Let’s get into something hotter than an illegal jalapeno: pay someone to do my math homework for me. We’re there. Straight talk, without any fluff or nonsense. You’re staring blankly at the math homework, as if it were written in Sumerian. Maybe I could pay someone else to do it for me. No judgments here. It’s okay to not judge.

Why does the thought occur? For starters, the world is busy. You may be juggling work, family obligations, and trying to keep up the appearance of social life. It’s like having an uninvited party guest crash your event and refuse to leave.

There’s also the pressure cooker of our educational system. The difficulty of a game has jumped suddenly from “Meh”, to “Why bother?” overnight. It’s important to get high grades because, let’s be honest: they matter. When doors are stuck shut, they can open them and even sometimes windows.

Here’s the big question: is it worth paying someone else to solve your math problems? Imagine paying your hard-earned money only to receive work that is so sloppy it looks like someone did the math. And my grandmother’s specialty was not algebra, but baking cookies.

Let’s also not forget Mr. Ethics, who is sitting at your side whispering about personal growth and integrity. You might get a temporary fix by cheating, but consider what you are missing. Crazy concept, right?

You also run the risk of being caught. Imagine this: you hand in a paper so flawless that Pythagoras looks like a novice. You know that you have trouble with simple arithmetic, so your teacher has raised an eyebrow to the point where it is almost touching Earth’s orbit. Busted!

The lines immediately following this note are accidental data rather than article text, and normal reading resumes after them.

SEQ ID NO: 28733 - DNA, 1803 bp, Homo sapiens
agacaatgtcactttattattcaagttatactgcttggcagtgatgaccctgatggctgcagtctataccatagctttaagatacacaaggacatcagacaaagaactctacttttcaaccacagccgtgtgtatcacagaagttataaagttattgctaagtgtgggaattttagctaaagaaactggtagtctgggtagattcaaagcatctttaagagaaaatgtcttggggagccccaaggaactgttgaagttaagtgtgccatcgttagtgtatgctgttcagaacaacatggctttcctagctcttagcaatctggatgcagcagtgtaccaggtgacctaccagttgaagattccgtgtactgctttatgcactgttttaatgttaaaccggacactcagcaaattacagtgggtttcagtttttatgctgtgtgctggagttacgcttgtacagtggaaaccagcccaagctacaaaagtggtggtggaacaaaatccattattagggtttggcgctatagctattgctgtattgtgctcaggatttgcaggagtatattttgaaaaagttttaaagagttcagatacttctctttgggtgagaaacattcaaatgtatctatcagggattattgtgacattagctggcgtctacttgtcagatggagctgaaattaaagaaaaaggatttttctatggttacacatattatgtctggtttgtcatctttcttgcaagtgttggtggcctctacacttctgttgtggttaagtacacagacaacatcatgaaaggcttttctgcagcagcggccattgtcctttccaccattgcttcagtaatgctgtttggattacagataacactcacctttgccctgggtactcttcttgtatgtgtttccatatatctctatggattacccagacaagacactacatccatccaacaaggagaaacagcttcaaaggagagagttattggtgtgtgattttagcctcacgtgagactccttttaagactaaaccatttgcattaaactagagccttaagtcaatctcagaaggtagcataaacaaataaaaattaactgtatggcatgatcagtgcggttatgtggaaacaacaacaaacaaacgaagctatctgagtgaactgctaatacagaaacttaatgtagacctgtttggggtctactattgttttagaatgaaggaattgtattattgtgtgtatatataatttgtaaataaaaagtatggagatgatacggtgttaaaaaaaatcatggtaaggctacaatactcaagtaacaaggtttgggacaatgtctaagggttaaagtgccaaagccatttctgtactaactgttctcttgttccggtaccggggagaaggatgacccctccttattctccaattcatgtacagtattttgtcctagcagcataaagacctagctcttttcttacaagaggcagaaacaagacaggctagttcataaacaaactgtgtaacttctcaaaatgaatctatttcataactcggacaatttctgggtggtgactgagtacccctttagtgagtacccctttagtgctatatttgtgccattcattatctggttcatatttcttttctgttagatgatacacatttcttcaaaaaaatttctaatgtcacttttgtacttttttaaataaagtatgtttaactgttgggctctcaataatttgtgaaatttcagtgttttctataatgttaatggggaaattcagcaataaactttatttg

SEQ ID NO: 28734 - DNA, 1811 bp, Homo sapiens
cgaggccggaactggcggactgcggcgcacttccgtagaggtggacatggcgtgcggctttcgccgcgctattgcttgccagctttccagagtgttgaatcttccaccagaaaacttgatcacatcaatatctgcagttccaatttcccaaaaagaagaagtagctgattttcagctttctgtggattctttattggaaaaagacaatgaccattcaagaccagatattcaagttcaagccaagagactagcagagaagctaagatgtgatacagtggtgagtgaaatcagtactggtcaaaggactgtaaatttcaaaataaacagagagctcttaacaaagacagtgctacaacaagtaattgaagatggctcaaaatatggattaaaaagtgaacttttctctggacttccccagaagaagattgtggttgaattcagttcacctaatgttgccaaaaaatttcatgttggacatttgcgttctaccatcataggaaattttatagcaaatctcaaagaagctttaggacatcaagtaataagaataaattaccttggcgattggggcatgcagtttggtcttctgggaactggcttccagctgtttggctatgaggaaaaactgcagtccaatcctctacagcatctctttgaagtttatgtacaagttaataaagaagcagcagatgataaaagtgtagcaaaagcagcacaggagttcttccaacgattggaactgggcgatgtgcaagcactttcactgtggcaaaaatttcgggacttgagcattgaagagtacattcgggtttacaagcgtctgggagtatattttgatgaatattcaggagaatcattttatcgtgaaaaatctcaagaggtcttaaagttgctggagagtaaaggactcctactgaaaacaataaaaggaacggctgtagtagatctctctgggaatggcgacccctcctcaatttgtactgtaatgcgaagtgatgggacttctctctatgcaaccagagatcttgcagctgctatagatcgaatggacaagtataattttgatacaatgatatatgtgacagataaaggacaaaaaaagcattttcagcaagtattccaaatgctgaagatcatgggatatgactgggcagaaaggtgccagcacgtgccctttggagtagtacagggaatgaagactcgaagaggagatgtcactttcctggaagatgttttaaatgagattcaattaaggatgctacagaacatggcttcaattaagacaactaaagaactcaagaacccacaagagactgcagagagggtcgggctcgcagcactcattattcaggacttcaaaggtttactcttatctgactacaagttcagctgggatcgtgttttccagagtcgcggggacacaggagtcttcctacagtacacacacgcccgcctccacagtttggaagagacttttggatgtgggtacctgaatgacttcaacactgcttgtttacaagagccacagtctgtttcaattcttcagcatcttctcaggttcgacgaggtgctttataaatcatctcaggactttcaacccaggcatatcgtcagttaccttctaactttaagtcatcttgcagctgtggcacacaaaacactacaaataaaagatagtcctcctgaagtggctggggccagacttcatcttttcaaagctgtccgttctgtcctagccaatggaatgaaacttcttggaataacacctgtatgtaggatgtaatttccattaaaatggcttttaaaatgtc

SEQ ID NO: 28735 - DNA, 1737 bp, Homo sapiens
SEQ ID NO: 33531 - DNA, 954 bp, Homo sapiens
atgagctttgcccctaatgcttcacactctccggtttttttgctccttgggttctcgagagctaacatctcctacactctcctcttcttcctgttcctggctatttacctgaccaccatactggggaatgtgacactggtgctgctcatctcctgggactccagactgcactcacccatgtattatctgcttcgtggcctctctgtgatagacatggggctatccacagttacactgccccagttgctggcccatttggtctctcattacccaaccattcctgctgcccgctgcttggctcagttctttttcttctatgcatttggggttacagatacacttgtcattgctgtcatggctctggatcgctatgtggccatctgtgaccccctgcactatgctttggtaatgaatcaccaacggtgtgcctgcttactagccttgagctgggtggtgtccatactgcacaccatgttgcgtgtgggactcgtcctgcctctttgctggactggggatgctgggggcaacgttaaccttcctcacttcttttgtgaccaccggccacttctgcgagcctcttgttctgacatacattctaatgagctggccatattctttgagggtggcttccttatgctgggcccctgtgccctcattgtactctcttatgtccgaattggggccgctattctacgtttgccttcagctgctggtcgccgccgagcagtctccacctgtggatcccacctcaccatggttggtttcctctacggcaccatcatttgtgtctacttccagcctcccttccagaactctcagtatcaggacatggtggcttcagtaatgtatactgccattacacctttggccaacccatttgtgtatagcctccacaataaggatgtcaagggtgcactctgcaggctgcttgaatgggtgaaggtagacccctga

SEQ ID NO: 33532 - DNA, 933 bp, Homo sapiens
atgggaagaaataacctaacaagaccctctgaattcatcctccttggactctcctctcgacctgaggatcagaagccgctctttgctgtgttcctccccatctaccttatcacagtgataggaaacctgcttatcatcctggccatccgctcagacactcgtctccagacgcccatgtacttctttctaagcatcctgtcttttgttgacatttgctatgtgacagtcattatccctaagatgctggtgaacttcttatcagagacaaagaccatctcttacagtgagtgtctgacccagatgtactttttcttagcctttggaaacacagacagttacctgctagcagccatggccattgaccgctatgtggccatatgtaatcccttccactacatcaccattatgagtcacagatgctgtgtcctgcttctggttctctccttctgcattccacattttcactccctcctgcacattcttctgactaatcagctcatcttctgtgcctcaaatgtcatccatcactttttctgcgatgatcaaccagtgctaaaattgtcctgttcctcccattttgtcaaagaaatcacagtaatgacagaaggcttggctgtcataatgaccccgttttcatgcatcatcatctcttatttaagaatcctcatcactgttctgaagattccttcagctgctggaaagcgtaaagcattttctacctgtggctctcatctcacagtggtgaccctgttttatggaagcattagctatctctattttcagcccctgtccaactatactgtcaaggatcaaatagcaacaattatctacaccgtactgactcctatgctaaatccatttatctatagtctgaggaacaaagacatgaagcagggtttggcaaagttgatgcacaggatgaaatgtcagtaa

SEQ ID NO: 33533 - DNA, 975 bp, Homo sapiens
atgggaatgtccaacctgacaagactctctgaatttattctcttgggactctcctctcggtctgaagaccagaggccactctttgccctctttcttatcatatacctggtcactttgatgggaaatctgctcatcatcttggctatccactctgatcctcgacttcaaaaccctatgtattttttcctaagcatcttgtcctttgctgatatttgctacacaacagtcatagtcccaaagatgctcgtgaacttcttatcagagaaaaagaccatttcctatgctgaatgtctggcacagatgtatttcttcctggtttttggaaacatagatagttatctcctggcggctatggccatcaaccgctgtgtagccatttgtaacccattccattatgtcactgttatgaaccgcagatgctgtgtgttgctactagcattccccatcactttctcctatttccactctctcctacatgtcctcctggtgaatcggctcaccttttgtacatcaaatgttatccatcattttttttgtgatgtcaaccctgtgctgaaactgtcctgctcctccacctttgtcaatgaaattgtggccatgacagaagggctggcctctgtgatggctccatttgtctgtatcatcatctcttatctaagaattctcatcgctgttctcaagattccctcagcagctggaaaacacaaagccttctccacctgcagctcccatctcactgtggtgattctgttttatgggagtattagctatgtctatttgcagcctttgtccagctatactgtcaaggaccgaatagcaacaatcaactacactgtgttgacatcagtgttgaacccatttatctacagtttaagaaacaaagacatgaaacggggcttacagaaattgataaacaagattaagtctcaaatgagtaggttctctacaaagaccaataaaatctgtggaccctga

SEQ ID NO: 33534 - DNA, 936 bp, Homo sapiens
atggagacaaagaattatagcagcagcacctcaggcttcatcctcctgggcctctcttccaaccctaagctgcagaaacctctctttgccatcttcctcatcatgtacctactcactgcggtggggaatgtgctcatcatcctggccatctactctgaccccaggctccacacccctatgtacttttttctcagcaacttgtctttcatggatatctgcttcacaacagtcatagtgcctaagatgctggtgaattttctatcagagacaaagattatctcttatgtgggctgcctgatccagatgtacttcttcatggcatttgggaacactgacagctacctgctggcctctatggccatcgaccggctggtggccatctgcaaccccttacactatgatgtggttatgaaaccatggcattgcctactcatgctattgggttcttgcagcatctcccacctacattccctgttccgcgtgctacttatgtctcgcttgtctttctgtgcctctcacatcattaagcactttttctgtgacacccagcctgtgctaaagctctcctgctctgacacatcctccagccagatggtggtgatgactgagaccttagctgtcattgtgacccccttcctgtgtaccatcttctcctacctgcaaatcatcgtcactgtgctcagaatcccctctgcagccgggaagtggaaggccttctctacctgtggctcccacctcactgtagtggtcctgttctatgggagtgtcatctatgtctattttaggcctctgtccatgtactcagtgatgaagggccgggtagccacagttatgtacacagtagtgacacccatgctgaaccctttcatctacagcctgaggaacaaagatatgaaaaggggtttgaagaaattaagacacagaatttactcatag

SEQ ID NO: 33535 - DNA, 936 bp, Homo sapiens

Don’t misunderstand me; asking for help is perfectly fine. It’s okay to admit that some numbers are making you run screaming for the hills. Consider other alternatives before throwing cash at the problem.

What about starting a study circle? After all, misery loves company. You can also use YouTube or Khan Academy to find free materials that will help you understand things in a way that doesn’t cause you to want cry.

If all else fails, and you are truly stuck — talk to your professor or teacher. It may not sound as good as broccoli as dessert, but they might appreciate your willingness to learn and honesty.

It’s not about crossing the finish-line (or the semester) but rather how well you did the race. (Cue inspiring music). It’s tempting to take shortcuts, but it is more rewarding to overcome challenges by yourself.

Before you reach for your wallet to buy math answers faster than concert tickets, consider other options that will not leave you with a bad feeling or put you in trouble.

You might not be good at math, but you are! Who wants to have their spending habits labelled “math home work” at the family Monopoly game night? Face the numbers in front of you! What’s the use of figuring things out?

Next time you hear someone ask “Can someone pay me to take my online course?” Maybe we should question why someone feels that way, instead of jumping on our moral high horse. Understanding begins with listening, even if it makes you uncomfortable.

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